Mark Rotenberg greets all the waitresses at his local New Jersey diner by name. “They have no idea what I do,” he whispers as we sit down, “or that I’ve got a thousand bucks in my pocket right now. You never know when someone wants to sell some smut.”
Rotenberg is one of the country’s preeminent porn collectors. Four Taschen books have been based on his personal stash—nearly 200,000 pieces and growing. “I want to acquire all that I can afford,” he says. “EBay is like New York to me—it’s the land of temptation. There are vintage-nude-photo auctions ending every 30 seconds.”
Rotenberg became a porn-hound back in Brooklyn Heights in the late seventies when his neighbor—an heirless man who had been hoarding prints, magazines, first editions, and pornography for decades—died. City workers hauled armloads of obviously valuable first editions out of the apartment, but they left everything else to be tossed into the trash. Already something of a pack rat, the then-26-year-old Rotenberg scavenged Cruikshank drawings, Civil War newspapers, signed Picasso lithos, and lots of erotic material. He wasn’t even into the porn at first. It was only after a friend suggested he show his finds to an editor at Screw that he realized there might be money in it.
Today, Rotenberg earns his living from pornographic books and sales on his Website, vintagenudephotos.com. Recently, a single buyer bought $1,400 worth of erotic playing cards, and Rotenberg was once offered $30,000 for a rare film by the early-twentieth-century California photographer Albert Arthur Allen.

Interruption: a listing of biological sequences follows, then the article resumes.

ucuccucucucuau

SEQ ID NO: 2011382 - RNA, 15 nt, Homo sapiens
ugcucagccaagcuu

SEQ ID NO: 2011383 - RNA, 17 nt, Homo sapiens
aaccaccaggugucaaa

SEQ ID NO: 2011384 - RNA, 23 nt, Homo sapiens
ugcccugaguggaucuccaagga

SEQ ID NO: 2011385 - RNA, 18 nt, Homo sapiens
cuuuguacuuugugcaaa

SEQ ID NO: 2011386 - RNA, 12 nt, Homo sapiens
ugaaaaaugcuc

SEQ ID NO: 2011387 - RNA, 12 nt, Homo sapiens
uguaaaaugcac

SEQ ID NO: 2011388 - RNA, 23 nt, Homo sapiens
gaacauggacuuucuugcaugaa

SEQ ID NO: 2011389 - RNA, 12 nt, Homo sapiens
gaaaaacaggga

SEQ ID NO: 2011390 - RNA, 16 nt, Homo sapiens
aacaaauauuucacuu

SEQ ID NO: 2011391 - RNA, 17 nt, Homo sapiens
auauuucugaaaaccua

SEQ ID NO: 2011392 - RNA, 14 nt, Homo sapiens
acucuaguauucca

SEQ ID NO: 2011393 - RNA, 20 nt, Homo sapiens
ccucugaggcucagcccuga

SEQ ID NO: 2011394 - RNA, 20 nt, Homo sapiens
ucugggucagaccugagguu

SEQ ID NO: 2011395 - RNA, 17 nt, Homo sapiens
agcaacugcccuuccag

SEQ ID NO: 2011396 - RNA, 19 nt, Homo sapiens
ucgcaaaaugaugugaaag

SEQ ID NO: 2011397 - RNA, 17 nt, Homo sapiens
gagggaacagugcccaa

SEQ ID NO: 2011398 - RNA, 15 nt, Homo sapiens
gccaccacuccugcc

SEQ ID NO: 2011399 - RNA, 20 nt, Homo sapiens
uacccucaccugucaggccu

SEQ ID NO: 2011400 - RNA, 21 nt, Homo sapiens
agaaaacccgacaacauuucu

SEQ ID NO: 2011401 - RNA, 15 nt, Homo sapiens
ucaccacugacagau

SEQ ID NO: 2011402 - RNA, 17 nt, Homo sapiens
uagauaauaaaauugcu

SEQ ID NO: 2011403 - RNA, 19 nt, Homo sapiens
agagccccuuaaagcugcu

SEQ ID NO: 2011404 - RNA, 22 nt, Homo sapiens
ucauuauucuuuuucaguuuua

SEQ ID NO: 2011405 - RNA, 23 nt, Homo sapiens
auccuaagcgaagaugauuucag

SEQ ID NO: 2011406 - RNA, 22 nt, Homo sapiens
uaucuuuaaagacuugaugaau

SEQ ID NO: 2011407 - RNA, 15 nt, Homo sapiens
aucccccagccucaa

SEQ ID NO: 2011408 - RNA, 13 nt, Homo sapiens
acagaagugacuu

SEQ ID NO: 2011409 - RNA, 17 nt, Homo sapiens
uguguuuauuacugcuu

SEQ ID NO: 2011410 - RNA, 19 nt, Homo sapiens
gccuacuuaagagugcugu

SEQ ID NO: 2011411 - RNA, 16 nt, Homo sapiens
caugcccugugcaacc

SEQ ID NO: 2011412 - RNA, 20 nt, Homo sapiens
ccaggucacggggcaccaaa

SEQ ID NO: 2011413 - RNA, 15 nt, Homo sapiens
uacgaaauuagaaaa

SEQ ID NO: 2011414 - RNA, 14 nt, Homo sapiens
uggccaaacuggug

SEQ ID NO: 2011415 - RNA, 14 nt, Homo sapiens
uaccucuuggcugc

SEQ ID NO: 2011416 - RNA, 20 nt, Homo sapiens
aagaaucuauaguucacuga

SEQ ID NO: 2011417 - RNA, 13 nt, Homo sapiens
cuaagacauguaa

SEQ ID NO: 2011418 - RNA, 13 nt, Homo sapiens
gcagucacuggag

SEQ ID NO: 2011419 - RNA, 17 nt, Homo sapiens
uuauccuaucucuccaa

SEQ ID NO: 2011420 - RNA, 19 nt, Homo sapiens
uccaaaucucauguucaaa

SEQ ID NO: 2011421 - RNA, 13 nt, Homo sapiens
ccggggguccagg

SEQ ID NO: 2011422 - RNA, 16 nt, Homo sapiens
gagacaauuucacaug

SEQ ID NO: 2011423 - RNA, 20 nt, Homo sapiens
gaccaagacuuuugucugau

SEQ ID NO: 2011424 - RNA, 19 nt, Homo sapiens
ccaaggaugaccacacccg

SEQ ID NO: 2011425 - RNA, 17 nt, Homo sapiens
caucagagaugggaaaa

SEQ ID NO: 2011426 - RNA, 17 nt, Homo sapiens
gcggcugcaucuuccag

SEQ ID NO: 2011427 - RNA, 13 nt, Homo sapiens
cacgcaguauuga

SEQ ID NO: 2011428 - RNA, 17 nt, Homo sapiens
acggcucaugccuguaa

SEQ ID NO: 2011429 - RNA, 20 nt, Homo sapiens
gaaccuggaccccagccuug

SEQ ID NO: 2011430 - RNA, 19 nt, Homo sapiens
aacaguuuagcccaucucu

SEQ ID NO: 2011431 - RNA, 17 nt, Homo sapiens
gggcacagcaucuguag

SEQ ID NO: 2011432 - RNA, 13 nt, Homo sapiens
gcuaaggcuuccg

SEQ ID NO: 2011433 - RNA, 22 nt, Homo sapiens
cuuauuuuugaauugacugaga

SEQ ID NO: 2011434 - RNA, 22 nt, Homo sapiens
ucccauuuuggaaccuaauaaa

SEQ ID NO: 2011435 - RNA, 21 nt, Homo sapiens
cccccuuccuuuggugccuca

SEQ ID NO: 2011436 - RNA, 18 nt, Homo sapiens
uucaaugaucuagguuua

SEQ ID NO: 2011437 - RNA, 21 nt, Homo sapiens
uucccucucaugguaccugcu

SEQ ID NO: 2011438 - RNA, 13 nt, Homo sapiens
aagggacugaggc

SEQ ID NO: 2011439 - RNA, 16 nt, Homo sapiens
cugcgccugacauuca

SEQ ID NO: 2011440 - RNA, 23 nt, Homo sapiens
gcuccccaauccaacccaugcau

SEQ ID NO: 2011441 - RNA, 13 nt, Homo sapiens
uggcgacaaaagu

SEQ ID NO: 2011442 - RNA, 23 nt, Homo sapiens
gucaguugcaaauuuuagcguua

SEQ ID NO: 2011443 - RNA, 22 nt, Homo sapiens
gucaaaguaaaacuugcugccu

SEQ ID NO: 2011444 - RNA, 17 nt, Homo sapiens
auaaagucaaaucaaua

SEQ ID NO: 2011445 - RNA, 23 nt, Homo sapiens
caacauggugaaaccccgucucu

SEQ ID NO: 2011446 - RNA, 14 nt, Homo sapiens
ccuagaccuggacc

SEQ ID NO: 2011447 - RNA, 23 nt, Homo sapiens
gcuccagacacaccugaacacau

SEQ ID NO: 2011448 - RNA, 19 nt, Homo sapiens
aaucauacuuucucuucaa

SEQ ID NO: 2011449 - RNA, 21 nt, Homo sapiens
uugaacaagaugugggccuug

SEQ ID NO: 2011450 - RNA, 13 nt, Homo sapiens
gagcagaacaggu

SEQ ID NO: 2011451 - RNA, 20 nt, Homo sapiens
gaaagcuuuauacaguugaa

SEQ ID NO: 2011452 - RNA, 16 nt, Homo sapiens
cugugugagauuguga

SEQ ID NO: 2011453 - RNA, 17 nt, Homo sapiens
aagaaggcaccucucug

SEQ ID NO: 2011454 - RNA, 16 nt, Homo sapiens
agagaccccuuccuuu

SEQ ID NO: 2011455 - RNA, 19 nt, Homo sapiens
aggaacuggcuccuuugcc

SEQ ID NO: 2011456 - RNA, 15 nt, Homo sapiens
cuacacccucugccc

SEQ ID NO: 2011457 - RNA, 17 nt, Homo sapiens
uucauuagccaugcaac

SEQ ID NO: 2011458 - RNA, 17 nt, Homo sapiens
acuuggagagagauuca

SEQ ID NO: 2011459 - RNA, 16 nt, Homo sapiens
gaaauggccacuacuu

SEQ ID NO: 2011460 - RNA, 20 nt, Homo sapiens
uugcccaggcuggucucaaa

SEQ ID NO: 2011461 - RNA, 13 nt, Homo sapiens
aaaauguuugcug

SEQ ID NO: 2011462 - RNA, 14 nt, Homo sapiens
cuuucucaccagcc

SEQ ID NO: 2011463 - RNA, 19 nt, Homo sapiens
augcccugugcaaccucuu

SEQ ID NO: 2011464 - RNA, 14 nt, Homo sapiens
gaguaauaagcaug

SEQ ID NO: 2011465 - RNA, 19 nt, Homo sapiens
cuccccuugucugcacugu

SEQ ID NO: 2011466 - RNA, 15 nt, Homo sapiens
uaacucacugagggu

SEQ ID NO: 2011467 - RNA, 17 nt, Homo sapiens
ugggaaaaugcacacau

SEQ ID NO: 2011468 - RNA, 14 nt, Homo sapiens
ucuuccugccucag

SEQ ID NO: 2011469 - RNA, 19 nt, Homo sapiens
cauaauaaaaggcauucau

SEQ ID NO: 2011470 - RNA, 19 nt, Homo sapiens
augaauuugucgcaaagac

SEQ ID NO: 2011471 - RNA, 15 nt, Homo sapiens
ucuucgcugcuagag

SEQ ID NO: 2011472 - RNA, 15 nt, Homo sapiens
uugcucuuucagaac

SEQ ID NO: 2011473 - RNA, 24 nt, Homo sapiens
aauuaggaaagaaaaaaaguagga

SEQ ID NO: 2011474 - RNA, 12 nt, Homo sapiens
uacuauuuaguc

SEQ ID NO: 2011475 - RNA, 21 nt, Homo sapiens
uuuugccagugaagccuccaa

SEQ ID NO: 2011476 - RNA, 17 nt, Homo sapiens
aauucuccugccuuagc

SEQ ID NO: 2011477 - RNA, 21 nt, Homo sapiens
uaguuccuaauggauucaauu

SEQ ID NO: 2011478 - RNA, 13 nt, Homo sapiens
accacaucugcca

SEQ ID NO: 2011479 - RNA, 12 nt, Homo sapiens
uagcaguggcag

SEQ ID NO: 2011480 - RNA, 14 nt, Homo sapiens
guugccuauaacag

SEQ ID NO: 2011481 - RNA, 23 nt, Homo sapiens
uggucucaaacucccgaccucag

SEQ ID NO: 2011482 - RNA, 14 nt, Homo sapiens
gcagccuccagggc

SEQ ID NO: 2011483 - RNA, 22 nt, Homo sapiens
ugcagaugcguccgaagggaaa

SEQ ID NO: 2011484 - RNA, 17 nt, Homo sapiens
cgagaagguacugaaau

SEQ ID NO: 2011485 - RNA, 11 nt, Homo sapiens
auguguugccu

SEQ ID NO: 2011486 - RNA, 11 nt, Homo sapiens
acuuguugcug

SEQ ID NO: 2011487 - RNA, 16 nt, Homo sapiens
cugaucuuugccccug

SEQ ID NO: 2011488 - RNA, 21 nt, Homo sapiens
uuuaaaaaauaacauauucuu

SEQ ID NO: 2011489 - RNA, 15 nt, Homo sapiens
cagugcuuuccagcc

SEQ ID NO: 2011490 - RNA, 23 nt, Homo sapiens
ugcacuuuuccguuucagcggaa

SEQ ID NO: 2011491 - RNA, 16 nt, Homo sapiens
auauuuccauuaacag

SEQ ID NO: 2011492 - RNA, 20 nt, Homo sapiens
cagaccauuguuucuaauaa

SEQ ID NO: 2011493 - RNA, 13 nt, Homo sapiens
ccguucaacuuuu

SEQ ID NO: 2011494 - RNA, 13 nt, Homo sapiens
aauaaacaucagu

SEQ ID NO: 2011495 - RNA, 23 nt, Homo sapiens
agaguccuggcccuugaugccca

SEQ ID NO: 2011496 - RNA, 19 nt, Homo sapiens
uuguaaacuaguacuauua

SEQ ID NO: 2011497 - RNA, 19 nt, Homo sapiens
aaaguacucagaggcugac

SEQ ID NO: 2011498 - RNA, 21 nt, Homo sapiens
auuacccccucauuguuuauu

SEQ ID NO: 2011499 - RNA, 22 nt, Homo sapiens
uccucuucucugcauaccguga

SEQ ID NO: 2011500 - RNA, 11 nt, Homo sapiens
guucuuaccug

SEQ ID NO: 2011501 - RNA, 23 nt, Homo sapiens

Porn collecting isn’t codified into an industry like baseball cards and comic books. There’s no value book and little turnover, so firm prices are hard to come by. Complicating matters further is the rather Proustian tendency of porn buyers to be most attracted to what they saw when they were young. Still, there are a few uncontested holy grails for a porn hunter: The most valuable magazine is the first-ever Playboy, with Marilyn Monroe on the cover ($7,000), and the most prized dirty book is one of the seven remaining original copies of My Secret Life, a Victorian hard-core sex diary ($500,000). But the erotic artifacts most fantasized about are the possibly apocryphal blue movies made by mainstream stars like Marilyn Monroe and Joan Crawford. If these films do exist, says Rotenberg, their discoverer would make a mint.
Back at Rotenberg’s old stone farmhouse, he tells his wife, Laura Mirsky, about the day’s unexpected haul. A local auctioneer gave him four boxes of material—“including a 16-mm. reel of Candy Barr getting down and verrrry dirty.” The seller, he explains, didn’t want these items to be associated with her late husband, so she asked the auction house to destroy them. “Two boxes did make it to the bottom of a very wet Dumpster,” he laments, “while the others were delivered unto me.”
His wife sighs indulgently. She writes the introductions to his books, and her only qualm with the collection is that it has taken over the house. The photos are organized in binders, and the binders are multiplying: Victorian hard-core, Edwardian postcards, fifties cheesecake—which is itself subdivided into blondes, twosomes, threesomes, big breasts, fetish, famous models, Irving Klaw, bondage, whips, Asian, black, and older women. At the request of Dian Hanson, head of Taschen’s Sexy Books division, there’s even a category for dirty feet. “I don’t even keep the Playboys anymore,” says Rotenberg. “How many copies of June ’73 does one person need?”